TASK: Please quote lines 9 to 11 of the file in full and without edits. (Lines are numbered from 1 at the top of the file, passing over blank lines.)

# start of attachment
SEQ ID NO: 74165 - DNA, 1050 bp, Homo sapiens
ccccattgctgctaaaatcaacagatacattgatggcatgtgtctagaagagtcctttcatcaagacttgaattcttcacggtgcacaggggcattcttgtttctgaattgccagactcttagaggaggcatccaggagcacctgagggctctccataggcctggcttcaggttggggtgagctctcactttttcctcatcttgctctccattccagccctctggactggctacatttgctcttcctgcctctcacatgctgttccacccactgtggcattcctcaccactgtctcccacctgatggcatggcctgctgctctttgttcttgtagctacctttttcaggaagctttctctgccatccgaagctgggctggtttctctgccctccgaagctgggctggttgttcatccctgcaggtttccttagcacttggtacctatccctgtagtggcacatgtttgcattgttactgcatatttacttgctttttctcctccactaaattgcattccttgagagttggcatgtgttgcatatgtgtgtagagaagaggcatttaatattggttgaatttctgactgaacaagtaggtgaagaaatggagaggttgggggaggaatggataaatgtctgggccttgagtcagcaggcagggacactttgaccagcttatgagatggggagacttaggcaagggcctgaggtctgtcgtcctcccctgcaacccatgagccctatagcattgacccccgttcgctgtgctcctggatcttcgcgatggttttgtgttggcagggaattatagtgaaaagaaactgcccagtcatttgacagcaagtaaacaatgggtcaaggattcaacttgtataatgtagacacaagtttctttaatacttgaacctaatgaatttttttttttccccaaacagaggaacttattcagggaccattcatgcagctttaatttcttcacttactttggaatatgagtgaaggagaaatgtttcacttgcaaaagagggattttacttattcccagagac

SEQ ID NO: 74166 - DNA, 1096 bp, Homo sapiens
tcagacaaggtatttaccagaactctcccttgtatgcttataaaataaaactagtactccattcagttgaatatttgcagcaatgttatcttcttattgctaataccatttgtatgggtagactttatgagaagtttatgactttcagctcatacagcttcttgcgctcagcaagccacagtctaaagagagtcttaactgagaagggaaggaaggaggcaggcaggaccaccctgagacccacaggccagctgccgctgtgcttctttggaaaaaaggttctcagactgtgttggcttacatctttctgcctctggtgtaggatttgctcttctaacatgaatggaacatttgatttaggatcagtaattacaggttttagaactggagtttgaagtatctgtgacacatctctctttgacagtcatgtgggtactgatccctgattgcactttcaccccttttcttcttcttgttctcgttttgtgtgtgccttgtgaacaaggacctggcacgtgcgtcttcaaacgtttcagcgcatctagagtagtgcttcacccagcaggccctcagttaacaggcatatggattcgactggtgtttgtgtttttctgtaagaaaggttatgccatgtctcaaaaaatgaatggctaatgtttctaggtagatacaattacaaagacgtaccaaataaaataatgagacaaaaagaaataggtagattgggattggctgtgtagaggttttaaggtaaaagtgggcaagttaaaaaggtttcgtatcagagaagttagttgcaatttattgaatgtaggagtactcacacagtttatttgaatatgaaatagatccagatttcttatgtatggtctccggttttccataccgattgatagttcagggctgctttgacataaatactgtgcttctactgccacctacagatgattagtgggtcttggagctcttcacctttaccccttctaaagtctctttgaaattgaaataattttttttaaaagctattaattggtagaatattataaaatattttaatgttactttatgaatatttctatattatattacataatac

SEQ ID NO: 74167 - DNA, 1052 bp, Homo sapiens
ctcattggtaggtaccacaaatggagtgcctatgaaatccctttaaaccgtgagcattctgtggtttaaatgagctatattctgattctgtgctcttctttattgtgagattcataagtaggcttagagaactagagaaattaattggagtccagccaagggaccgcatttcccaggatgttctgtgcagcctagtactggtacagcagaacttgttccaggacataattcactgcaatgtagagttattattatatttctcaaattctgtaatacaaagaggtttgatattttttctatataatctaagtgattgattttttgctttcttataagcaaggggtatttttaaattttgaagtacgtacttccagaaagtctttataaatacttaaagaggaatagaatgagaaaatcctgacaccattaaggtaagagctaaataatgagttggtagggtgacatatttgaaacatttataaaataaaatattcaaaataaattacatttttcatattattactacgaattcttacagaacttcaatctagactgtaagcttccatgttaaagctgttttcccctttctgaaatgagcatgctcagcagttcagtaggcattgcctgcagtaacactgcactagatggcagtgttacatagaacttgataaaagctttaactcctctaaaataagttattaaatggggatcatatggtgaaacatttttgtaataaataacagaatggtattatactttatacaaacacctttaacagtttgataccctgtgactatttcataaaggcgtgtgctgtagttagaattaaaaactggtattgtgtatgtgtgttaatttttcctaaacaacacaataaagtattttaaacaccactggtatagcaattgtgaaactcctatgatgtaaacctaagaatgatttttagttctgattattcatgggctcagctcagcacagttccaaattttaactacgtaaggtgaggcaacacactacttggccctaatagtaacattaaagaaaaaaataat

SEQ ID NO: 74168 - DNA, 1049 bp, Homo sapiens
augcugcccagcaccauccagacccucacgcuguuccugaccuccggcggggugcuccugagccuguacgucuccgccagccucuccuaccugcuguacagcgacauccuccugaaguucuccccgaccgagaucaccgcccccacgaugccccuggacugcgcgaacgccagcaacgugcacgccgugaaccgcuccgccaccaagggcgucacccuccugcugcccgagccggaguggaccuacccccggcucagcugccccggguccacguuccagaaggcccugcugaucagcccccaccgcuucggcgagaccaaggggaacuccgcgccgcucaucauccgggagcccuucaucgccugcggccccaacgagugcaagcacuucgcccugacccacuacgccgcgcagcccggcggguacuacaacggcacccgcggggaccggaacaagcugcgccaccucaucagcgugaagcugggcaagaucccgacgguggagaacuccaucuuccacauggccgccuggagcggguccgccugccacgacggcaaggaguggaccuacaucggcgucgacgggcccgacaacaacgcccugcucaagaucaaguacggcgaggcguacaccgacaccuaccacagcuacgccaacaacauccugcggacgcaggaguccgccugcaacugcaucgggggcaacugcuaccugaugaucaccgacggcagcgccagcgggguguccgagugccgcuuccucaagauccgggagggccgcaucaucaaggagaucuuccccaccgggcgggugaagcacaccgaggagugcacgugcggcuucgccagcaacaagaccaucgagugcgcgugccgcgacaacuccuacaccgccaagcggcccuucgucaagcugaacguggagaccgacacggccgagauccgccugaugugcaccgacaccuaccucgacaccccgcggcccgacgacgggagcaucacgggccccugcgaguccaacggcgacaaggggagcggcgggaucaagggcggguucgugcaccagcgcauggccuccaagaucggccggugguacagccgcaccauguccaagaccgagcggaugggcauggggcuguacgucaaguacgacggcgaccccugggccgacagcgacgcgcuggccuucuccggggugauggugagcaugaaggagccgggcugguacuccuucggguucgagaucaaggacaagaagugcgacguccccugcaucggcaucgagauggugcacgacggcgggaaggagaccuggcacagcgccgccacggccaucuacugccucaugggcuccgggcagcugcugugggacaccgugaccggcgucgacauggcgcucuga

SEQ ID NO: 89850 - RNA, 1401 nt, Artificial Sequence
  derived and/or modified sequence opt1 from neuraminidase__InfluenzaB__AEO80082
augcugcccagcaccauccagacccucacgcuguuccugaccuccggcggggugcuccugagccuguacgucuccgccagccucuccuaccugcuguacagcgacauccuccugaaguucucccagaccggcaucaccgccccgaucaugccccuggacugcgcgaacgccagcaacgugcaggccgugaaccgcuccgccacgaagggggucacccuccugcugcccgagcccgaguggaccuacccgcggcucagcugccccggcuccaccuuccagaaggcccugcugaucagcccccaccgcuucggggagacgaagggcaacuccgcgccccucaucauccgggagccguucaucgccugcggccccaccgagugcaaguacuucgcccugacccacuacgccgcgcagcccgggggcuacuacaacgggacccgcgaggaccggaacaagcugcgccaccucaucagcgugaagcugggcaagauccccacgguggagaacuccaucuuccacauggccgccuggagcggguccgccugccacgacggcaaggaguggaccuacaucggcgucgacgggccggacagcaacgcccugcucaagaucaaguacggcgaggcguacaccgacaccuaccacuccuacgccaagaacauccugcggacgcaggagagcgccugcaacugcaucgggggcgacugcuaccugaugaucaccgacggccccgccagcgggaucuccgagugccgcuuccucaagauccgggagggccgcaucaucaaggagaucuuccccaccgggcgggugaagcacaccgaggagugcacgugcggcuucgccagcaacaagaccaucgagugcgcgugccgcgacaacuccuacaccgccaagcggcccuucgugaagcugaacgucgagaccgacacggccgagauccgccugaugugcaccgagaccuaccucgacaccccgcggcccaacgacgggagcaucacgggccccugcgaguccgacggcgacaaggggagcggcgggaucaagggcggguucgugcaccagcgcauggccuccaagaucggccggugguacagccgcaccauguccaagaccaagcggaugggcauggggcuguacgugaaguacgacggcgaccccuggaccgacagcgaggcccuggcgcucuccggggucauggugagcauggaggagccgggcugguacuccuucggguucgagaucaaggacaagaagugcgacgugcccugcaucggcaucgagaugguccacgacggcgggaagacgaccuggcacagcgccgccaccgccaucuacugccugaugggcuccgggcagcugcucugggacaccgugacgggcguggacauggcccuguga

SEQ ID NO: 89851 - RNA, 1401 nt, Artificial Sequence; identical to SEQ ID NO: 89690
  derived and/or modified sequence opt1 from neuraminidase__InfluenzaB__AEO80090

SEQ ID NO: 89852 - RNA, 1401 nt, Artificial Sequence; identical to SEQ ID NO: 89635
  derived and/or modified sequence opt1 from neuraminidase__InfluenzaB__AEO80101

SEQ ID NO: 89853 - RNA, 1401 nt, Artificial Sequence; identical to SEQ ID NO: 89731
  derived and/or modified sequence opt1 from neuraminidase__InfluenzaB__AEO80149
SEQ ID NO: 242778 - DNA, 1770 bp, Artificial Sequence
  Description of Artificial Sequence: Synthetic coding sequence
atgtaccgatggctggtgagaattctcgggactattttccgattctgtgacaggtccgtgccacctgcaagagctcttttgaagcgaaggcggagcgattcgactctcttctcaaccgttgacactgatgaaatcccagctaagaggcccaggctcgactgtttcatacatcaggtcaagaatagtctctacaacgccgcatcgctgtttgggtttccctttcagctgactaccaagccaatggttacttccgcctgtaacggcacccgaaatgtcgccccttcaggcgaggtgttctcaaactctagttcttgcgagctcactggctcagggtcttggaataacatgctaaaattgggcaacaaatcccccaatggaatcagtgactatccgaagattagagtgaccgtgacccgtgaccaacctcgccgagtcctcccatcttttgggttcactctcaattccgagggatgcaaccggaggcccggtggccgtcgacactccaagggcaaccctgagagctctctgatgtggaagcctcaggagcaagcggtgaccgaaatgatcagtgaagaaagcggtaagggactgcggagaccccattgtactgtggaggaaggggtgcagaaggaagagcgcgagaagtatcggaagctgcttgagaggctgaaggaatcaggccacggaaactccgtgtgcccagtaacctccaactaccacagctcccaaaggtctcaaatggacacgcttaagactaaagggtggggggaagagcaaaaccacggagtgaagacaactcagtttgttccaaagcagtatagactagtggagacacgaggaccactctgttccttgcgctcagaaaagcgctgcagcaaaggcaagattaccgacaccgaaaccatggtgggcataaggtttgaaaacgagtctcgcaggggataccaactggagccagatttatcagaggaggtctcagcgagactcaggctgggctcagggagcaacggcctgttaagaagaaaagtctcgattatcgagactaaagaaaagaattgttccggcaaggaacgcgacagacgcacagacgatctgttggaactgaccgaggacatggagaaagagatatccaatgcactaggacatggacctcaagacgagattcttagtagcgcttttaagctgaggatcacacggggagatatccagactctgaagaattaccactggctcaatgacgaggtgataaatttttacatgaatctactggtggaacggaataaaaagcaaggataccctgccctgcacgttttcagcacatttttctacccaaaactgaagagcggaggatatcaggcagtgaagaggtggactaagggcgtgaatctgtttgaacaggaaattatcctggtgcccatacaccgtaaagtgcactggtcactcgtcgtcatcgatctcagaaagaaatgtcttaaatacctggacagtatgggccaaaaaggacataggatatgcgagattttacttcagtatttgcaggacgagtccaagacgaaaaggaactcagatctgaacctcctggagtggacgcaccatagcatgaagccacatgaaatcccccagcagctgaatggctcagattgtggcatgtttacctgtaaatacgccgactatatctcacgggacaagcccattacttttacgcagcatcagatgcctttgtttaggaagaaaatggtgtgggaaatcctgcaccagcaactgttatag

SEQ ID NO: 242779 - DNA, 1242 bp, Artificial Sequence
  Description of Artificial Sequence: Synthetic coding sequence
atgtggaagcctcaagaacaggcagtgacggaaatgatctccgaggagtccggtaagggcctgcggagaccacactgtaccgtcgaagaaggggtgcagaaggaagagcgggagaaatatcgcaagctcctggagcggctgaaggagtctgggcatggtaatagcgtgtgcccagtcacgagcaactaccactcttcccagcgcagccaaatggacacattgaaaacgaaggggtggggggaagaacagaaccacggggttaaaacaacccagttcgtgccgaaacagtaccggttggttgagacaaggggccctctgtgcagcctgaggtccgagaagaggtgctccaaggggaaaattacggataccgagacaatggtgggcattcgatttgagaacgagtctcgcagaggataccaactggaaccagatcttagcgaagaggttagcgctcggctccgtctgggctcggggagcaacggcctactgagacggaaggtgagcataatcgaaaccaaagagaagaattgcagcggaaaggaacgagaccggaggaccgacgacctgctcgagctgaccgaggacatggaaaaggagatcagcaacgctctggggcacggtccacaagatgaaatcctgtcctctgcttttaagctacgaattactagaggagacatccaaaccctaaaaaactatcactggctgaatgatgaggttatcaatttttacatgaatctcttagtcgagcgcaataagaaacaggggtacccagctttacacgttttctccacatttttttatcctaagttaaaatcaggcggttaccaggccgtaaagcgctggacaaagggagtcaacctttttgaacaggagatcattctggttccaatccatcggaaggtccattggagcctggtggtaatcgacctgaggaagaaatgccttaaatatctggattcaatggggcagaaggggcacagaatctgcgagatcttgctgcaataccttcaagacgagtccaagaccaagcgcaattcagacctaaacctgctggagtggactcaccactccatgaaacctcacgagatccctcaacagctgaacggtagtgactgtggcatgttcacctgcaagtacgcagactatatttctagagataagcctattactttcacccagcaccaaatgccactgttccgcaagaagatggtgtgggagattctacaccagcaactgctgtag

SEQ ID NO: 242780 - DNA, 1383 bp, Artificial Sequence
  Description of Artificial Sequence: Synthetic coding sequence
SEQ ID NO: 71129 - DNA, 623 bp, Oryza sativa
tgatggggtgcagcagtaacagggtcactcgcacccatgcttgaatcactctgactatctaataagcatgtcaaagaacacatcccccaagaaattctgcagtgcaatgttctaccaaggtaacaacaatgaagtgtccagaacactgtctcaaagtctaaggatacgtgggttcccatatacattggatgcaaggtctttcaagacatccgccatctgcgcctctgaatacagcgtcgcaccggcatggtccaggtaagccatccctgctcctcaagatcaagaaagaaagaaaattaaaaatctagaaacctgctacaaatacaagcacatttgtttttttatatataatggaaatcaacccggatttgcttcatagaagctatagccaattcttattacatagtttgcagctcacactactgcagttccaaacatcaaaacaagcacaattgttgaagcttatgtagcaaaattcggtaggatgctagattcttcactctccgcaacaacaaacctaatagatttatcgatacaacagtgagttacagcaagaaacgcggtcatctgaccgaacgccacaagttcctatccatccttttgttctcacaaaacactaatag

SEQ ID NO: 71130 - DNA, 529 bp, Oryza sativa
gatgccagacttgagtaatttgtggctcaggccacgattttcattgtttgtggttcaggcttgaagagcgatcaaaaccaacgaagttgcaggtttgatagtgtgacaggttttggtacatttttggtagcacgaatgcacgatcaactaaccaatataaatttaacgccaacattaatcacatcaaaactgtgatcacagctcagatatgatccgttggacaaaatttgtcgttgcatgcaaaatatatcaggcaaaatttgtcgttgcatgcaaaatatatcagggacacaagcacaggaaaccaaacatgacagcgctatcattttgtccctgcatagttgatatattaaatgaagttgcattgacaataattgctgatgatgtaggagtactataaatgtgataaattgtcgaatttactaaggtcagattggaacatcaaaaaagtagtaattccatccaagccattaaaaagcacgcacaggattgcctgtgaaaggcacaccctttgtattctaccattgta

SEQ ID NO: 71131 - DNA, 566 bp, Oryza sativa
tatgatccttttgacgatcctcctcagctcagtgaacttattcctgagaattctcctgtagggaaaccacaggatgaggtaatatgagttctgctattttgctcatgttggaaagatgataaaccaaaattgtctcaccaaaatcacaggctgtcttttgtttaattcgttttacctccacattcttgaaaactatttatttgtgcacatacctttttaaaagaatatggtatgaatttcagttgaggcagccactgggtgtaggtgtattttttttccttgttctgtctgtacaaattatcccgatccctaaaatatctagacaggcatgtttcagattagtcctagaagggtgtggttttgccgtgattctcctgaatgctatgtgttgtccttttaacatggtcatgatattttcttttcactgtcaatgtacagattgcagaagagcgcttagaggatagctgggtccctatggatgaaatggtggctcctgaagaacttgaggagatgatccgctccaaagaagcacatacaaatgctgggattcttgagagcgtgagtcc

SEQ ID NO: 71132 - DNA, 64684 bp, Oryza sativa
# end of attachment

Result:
SEQ ID NO: 89850 - RNA, 1401 nt, Artificial Sequence
  derived and/or modified sequence opt1 from neuraminidase__InfluenzaB__AEO80082
augcugcccagcaccauccagacccucacgcuguuccugaccuccggcggggugcuccugagccuguacgucuccgccagccucuccuaccugcuguacagcgacauccuccugaaguucucccagaccggcaucaccgccccgaucaugccccuggacugcgcgaacgccagcaacgugcaggccgugaaccgcuccgccacgaagggggucacccuccugcugcccgagcccgaguggaccuacccgcggcucagcugccccggcuccaccuuccagaaggcccugcugaucagcccccaccgcuucggggagacgaagggcaacuccgcgccccucaucauccgggagccguucaucgccugcggccccaccgagugcaaguacuucgcccugacccacuacgccgcgcagcccgggggcuacuacaacgggacccgcgaggaccggaacaagcugcgccaccucaucagcgugaagcugggcaagauccccacgguggagaacuccaucuuccacauggccgccuggagcggguccgccugccacgacggcaaggaguggaccuacaucggcgucgacgggccggacagcaacgcccugcucaagaucaaguacggcgaggcguacaccgacaccuaccacuccuacgccaagaacauccugcggacgcaggagagcgccugcaacugcaucgggggcgacugcuaccugaugaucaccgacggccccgccagcgggaucuccgagugccgcuuccucaagauccgggagggccgcaucaucaaggagaucuuccccaccgggcgggugaagcacaccgaggagugcacgugcggcuucgccagcaacaagaccaucgagugcgcgugccgcgacaacuccuacaccgccaagcggcccuucgugaagcugaacgucgagaccgacacggccgagauccgccugaugugcaccgagaccuaccucgacaccccgcggcccaacgacgggagcaucacgggccccugcgaguccgacggcgacaaggggagcggcgggaucaagggcggguucgugcaccagcgcauggccuccaagaucggccggugguacagccgcaccauguccaagaccaagcggaugggcauggggcuguacgugaaguacgacggcgaccccuggaccgacagcgaggcccuggcgcucuccggggucauggugagcauggaggagccgggcugguacuccuucggguucgagaucaaggacaagaagugcgacgugcccugcaucggcaucgagaugguccacgacggcgggaagacgaccuggcacagcgccgccaccgccaucuacugccugaugggcuccgggcagcugcucugggacaccgugacgggcguggacauggcccuguga